This feedback provides the product team a place to go back and fix the confusion. The support team can fit into reducing the uncertainty by improving the support docs on the permission settings.

Tagging Unsolicited Feedback

Sabrina builds on how Intercom uses the Unsolicited feedback.

One of the most important things we do at Intercom is tag every single conversation that comes into our inbox with both a team tag and a category tag. The team tag denotes what product team owns that feature or part of the product, while the category tag describes what type of conversation we had.
Using these tags, our product team can create dashboards, look at unusual spikes, consistent trends, explore conversations and get insights into what we should be working on next.

This allows Intercom to see into the customer journey and where support requests are coming from.

Make it Happen

I recently finished Getting Things Done by David Allen. It’s a 269-page book on how to get things done. Which might seem like overkill but it’s full of good information on task-management.

In the book, Allen makes his case for a system that he’s designed to get things done. The root idea is to come up with a system to process all the “stuff” that comes up in life. Stuff is any to-do. From a rebranding project at work to getting your kitchen sink fixed. It’s all stuff that can float up in your mind at any given point in a day and interrupt and ruin your workflow.

The most value I took away is creating a to-do system to capture your ideas in a way that is actionable to you.

Here are three points that I’ll be incorporating into my routine:

  • A Weekly Review
  • Next Action Decisions
  • Focusing on the Outcome

The Weekly Review

For me, one of the most satisfying feelings is heading out on vacation with all the loose ends at work tied up. It feels so great to be on top of everything, right? Of course, a few days off doesn’t hurt either.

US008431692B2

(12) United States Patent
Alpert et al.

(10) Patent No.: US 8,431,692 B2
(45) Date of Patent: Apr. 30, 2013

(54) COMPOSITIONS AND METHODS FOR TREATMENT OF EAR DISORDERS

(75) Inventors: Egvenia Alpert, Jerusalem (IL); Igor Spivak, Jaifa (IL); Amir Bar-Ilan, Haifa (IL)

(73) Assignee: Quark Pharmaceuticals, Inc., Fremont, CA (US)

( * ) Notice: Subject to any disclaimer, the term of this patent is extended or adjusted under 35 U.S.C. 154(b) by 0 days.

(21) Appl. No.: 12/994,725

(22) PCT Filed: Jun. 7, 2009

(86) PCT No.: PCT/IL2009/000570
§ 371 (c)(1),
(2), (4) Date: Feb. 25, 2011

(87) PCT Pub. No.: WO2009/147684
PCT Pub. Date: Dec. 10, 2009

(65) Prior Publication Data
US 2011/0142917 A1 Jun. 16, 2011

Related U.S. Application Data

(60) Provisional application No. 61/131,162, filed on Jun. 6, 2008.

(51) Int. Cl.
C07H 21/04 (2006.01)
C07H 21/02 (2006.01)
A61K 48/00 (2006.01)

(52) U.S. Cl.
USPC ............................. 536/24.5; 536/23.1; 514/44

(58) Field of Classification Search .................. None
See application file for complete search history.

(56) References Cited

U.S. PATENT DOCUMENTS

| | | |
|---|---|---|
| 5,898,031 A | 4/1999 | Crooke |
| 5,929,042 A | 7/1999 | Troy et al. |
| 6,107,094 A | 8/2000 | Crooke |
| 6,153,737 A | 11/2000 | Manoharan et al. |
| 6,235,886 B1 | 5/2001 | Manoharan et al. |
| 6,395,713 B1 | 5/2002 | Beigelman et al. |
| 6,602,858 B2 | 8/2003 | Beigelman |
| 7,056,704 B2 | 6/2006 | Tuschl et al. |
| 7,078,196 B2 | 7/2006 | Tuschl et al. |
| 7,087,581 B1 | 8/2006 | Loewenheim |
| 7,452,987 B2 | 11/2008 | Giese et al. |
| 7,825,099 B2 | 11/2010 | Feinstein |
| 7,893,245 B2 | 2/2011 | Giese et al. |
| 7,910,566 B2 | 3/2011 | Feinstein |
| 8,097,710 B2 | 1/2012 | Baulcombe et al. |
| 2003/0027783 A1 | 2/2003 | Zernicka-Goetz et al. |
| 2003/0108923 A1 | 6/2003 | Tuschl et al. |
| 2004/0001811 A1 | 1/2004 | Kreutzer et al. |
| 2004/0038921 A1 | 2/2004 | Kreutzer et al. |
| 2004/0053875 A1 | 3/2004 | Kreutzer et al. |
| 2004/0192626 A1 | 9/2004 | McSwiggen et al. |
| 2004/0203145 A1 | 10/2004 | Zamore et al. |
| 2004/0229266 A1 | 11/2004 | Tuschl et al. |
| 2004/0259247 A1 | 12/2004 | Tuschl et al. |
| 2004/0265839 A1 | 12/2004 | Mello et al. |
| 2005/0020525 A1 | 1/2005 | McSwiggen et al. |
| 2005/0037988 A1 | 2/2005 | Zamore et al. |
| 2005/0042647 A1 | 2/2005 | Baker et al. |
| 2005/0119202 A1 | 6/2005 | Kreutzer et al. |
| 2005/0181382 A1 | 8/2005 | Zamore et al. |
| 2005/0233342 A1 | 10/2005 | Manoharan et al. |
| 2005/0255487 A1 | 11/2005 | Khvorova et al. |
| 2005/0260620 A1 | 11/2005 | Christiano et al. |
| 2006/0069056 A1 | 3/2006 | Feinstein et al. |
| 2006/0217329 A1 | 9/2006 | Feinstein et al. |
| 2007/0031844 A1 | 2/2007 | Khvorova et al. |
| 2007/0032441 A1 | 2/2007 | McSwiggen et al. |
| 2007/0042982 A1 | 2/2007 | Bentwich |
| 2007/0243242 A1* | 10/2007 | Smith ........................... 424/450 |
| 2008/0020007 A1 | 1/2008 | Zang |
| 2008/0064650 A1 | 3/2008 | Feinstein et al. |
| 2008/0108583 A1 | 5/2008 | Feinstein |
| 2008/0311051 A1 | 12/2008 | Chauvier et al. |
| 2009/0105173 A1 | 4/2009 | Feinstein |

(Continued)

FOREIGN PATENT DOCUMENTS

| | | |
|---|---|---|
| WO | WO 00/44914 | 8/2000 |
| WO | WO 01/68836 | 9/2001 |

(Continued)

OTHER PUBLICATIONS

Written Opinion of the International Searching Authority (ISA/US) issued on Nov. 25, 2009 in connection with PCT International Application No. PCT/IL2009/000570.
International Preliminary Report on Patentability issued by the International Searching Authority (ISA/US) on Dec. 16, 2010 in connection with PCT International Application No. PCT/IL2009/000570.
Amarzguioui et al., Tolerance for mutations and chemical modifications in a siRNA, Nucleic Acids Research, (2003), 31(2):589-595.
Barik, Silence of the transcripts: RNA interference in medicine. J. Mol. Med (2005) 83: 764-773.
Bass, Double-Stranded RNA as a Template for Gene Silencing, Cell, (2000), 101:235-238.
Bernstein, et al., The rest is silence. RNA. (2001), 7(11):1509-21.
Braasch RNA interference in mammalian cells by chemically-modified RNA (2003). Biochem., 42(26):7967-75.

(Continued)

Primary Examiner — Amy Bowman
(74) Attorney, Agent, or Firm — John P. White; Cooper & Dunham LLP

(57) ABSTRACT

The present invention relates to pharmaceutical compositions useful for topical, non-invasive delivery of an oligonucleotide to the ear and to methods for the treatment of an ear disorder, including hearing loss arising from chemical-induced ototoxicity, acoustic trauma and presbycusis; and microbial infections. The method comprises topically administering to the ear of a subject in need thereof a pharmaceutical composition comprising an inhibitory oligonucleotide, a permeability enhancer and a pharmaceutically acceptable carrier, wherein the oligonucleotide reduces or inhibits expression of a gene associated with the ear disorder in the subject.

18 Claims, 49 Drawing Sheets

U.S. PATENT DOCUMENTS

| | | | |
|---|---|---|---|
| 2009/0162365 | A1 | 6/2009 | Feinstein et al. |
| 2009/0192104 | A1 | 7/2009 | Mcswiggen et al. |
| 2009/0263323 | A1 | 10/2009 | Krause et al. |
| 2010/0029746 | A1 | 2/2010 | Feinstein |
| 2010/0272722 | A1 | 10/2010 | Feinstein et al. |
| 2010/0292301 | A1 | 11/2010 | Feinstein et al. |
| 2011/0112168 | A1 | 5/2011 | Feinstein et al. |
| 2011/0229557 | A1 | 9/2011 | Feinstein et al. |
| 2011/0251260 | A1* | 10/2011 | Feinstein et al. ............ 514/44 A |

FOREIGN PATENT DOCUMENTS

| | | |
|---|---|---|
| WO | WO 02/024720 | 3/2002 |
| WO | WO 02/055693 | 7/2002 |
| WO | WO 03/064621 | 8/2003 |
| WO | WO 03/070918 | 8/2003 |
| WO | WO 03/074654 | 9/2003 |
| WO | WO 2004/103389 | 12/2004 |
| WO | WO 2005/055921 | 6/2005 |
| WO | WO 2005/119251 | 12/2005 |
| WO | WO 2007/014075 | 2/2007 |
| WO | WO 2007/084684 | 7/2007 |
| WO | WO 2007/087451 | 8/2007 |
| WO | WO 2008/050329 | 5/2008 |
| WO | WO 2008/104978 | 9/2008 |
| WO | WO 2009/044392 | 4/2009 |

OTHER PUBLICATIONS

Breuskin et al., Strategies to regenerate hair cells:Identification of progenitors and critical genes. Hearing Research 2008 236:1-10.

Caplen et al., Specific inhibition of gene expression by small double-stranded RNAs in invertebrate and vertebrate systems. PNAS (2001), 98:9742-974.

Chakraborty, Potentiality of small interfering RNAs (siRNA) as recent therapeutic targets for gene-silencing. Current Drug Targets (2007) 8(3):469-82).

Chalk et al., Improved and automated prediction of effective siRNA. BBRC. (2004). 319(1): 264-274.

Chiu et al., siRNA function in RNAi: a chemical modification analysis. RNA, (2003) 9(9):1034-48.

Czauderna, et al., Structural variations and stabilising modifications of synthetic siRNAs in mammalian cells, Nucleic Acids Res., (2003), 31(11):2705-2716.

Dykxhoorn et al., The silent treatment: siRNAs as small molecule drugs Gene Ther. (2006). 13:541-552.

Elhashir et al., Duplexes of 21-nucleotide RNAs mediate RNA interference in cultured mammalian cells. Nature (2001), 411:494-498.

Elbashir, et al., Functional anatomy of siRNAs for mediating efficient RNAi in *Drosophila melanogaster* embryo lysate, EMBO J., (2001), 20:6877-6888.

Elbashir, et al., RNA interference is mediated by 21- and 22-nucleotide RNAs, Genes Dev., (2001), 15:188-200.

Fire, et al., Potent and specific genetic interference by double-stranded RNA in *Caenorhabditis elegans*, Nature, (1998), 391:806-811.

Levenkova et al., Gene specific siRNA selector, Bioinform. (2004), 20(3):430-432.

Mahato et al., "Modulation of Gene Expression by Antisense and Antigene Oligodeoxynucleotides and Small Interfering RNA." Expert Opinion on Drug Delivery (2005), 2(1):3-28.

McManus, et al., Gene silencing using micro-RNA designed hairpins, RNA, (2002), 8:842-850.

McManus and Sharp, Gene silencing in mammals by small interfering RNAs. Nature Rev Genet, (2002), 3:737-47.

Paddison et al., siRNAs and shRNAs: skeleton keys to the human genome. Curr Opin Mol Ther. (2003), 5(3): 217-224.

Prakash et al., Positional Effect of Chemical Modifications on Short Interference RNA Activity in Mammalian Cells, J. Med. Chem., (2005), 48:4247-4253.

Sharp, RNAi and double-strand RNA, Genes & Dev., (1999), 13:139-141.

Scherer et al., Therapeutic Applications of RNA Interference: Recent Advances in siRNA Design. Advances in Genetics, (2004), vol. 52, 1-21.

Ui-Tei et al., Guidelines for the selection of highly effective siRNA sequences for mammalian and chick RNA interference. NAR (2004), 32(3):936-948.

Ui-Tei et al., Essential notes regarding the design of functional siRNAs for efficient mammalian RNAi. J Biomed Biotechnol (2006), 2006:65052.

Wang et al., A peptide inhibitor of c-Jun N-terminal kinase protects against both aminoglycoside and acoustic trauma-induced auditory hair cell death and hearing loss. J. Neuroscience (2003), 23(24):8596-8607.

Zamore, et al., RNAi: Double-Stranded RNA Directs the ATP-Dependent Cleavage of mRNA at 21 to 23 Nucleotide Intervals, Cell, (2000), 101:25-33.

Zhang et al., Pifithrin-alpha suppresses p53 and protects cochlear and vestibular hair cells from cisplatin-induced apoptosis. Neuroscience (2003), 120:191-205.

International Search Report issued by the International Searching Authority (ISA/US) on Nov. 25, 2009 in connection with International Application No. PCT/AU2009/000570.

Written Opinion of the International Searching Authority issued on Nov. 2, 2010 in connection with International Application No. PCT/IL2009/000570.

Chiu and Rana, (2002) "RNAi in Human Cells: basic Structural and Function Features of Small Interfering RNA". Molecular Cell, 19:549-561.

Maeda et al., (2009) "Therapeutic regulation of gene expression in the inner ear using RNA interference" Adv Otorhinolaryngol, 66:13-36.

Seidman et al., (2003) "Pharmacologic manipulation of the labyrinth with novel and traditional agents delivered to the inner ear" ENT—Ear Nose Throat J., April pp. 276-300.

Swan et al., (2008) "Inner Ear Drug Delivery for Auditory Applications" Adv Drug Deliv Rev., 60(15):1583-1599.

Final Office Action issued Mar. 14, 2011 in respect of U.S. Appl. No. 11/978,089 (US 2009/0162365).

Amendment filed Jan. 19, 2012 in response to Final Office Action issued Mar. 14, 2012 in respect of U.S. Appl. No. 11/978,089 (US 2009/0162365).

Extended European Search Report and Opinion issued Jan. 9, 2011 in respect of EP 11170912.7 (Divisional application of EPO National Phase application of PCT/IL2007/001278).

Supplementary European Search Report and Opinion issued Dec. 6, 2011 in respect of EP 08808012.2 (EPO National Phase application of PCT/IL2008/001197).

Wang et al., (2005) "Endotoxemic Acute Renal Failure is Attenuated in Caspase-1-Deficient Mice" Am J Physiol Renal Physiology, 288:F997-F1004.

That feeling is the weekly review. Every week have an hour on your calendar where you cover what happened over the last week.

Over a week, things get messy, and you get pulled into unexpected directions. It’s good to close the loop on your tasks and review your to-do list.

After this hour, your to-do list is clean and clarified. If there’s a simple task lingering on your to-do list, finish it up during the review. Catch up on emails, support tickets, and other stuff. And finally, set what you need to do for the next 5-7 days.

The weekly review is critical to a well-working to-do system. Without it, the whole process falls apart. It clears your mind and sets you up for success.

Next Action Decisions

Straightforward and sweet. Next action decision is asking What’s next? It empowers you to be able to move actions, to-dos, and projects to the next step and keep things running.

Before reading Getting Things Done, on my to-do list I had:

Katie’s battery

What the heck does that mean? It’s not a to-do, nor does it show what action is necessary. In reality, that meant clear the corrosion off of Katie’s car battery. The next action was getting the supplies to clear off the corrosion.

Next action decisions take vague stuff into actionable items. This is valuable for many reasons. Maybe you’re groggy on a Monday morning and looking for a quick win to spark your week. Look at your to-do list for something with a simple next action and get it done! Or, maybe you’re towards the end of 1-hour meeting that you don’t remember the purpose of. Ask “What are the next action steps?” this sets ground rules and expectations for what’s to be accomplished after the meeting.

Focusing on the Outcome

It’s hard to create a task when you don’t know what the end product looks like. As the famous quote goes:

A vision without a task is but a dream. A task without a vision is drudgery. A vision and a task are the hope of the world.

By being able to focus on the outcome, you’re able to create the tasks to achieve the outcome.

Say you want to onboard a new support employee. Focus on the elements of what a successful onboarding would look like for that employee. Create tasks to achieve those elements.


The ideas behind these thoughts come from Getting Things Done. If you download a to-do app never to return to it, I suggest giving the book a read.